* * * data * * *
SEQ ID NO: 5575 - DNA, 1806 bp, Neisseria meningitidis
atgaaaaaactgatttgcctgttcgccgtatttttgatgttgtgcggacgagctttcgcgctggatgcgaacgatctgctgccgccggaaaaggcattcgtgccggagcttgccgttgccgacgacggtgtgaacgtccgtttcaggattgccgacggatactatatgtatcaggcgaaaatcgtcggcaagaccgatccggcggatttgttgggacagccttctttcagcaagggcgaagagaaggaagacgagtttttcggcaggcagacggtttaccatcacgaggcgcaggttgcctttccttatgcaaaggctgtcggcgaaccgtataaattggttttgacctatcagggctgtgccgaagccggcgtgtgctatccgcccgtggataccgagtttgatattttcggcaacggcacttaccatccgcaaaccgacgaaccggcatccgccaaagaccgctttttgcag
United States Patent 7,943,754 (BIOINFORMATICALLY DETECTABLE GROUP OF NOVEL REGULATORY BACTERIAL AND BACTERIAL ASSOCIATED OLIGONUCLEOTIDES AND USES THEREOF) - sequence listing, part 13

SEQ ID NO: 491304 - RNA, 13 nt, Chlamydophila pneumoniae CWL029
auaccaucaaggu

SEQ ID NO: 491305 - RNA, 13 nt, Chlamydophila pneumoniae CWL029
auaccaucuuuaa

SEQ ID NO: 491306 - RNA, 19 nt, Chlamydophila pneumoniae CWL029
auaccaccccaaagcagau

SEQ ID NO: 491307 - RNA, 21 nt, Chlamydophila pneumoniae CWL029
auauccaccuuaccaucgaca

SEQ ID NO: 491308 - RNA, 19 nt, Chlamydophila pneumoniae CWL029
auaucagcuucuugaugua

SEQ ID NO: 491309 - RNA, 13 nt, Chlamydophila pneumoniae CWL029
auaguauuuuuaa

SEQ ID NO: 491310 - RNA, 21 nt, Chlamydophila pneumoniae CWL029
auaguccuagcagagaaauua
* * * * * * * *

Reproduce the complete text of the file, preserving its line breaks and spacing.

SEQ ID NO: 5575 - DNA, 1806 bp, Neisseria meningitidis
atgaaaaaactgatttgcctgttcgccgtatttttgatgttgtgcggacgagctttcgcgctggatgcgaacgatctgctgccgccggaaaaggcattcgtgccggagcttgccgttgccgacgacggtgtgaacgtccgtttcaggattgccgacggatactatatgtatcaggcgaaaatcgtcggcaagaccgatccggcggatttgttgggacagccttctttcagcaagggcgaagagaaggaagacgagtttttcggcaggcagacggtttaccatcacgaggcgcaggttgcctttccttatgcaaaggctgtcggcgaaccgtataaattggttttgacctatcagggctgtgccgaagccggcgtgtgctatccgcccgtggataccgagtttgatattttcggcaacggcacttaccatccgcaaaccgacgaaccggcatccgccaaagaccgctttttgcag
United States Patent 7,943,754 (BIOINFORMATICALLY DETECTABLE GROUP OF NOVEL REGULATORY BACTERIAL AND BACTERIAL ASSOCIATED OLIGONUCLEOTIDES AND USES THEREOF) - sequence listing, part 13

SEQ ID NO: 491304 - RNA, 13 nt, Chlamydophila pneumoniae CWL029
auaccaucaaggu

SEQ ID NO: 491305 - RNA, 13 nt, Chlamydophila pneumoniae CWL029
auaccaucuuuaa

SEQ ID NO: 491306 - RNA, 19 nt, Chlamydophila pneumoniae CWL029
auaccaccccaaagcagau

SEQ ID NO: 491307 - RNA, 21 nt, Chlamydophila pneumoniae CWL029
auauccaccuuaccaucgaca

SEQ ID NO: 491308 - RNA, 19 nt, Chlamydophila pneumoniae CWL029
auaucagcuucuugaugua

SEQ ID NO: 491309 - RNA, 13 nt, Chlamydophila pneumoniae CWL029
auaguauuuuuaa

SEQ ID NO: 491310 - RNA, 21 nt, Chlamydophila pneumoniae CWL029
auaguccuagcagagaaauua